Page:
• @DanielSank My convention is the same as the relevant paper, namely that all quantities which ordinarily have dimension of energy should be though of as being divided by $\hbar \omega$ and those ordinarily with dimensions of length divided by $\sqrt{\hbar/m \omega}$. – Kevin Driscoll Nov 9 '15 at 5:03
• @DanielSank And I don't mean to to be confrontational, but this isn't the first time I've gotten this objection here about saying 'in units...' Every graduate student and professor I have spoken with understands the intended meaning of this phrase; it even appears in the published literature (for example, the paper I linked). Is it the same as the ordinary meaning of 'units'? No, as you point out. But, saying it makes no sense is pedantic, in the same way that prescriptivists are pedantic when they say it makes no sense to use 'literally' figuratively. – Kevin Driscoll Nov 9 '15 at 5:11
• Don't worry about confrontational tone. It makes sense that folks who work in any particular field understand common terminology even if it's vague. I don't see that as a reason not to improve it. I was always super confused about this "in units of..." terminology as a student and I know at least one other professional physicist who always finds it really confusing. In my own notes I write things like "$H$ means $H/\hbar$" etc. – DanielSank Nov 9 '15 at 5:27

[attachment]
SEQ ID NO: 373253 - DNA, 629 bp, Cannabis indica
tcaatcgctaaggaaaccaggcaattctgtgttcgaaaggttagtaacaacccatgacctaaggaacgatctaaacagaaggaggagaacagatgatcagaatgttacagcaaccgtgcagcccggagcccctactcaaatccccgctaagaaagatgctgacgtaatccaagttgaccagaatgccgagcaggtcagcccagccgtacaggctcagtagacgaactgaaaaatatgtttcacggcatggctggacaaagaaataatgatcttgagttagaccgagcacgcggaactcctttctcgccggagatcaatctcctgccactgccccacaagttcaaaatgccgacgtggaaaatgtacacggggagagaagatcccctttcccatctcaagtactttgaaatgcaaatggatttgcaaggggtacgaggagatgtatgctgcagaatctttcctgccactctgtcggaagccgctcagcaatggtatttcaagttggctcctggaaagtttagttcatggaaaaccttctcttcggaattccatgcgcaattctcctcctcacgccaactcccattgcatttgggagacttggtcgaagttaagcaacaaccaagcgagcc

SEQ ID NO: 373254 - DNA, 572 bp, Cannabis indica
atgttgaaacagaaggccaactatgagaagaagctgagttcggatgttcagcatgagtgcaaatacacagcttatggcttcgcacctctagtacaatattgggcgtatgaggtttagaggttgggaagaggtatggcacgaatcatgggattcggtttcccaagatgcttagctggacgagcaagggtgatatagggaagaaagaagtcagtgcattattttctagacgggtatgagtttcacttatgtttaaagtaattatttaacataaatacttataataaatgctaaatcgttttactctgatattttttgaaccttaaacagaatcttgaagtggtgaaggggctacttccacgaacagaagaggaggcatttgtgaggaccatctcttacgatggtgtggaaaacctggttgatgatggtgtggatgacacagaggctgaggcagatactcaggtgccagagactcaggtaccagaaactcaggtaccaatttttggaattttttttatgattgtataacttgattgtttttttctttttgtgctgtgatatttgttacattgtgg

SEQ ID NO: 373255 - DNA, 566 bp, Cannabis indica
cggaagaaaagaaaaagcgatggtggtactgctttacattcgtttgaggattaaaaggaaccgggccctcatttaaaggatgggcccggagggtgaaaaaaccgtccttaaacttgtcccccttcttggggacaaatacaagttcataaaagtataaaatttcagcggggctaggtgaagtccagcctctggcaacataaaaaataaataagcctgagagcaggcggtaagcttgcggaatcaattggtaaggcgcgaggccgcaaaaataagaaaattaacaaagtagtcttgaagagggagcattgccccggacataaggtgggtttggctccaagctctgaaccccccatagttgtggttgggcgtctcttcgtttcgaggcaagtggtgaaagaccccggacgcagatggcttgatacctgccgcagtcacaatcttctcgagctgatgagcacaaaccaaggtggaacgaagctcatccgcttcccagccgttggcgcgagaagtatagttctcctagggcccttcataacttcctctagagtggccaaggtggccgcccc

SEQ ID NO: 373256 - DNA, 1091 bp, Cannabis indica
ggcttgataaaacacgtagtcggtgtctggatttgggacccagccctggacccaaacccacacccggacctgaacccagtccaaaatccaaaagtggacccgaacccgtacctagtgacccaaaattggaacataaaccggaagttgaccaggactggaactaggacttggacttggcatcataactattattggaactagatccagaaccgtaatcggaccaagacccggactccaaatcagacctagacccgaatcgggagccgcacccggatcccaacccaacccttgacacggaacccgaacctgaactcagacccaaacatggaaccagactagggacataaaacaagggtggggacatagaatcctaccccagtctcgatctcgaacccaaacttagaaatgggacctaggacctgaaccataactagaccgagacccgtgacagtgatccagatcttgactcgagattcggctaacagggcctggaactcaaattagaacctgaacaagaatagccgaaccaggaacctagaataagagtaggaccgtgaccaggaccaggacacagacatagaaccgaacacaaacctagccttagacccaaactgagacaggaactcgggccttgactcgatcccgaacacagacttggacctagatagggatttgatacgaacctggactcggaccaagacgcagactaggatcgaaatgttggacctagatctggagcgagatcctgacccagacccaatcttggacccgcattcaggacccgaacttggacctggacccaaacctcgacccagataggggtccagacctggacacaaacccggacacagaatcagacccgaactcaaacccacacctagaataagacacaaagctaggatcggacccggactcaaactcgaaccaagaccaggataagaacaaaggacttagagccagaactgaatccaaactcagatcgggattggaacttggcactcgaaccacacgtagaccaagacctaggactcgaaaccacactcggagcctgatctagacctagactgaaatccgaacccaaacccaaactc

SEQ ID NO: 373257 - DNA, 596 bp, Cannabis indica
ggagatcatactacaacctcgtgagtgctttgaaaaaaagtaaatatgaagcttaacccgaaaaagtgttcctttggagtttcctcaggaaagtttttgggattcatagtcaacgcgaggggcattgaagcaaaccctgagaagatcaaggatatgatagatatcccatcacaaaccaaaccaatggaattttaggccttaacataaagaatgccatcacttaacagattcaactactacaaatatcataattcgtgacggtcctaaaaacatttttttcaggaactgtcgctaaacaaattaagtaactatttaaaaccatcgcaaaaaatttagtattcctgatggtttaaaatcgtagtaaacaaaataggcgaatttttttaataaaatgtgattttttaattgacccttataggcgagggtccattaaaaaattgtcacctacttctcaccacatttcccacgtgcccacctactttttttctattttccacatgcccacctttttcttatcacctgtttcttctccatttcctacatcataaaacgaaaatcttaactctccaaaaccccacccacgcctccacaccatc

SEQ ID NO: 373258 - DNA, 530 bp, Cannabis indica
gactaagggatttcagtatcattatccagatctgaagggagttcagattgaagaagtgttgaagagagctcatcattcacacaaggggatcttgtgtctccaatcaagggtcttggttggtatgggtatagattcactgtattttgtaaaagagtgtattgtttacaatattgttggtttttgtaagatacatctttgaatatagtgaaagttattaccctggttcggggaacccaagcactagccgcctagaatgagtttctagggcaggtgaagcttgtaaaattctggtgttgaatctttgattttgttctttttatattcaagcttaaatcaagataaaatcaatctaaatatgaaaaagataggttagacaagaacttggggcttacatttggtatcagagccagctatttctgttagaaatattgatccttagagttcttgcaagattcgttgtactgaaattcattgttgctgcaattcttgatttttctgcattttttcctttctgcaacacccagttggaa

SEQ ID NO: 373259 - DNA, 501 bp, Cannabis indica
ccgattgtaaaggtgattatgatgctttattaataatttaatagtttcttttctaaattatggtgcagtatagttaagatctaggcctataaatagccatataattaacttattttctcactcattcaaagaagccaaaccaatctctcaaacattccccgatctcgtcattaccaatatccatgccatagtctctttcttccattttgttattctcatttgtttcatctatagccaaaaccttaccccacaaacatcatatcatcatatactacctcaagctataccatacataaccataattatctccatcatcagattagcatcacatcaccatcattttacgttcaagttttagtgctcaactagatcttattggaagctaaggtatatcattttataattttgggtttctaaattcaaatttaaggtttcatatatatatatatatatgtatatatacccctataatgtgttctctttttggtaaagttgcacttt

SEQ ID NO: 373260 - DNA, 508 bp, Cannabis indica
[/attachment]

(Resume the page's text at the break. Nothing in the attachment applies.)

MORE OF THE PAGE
• The "usual" way would be to let all operators act on Schwartz functions, and seek distributional solutions in the dual Schwartz space. However, you seem to be saying that $\psi_0(r)$ blows up at $r=0$, which would mean it isn't a Schwartz function, so this probably doesn't work here. The reason I'm talking about domains is that contradictions such as the one between your different calculations here often arise because operators were applied to stuff they are not actually defined on. – ACuriousMind Nov 9 '15 at 19:35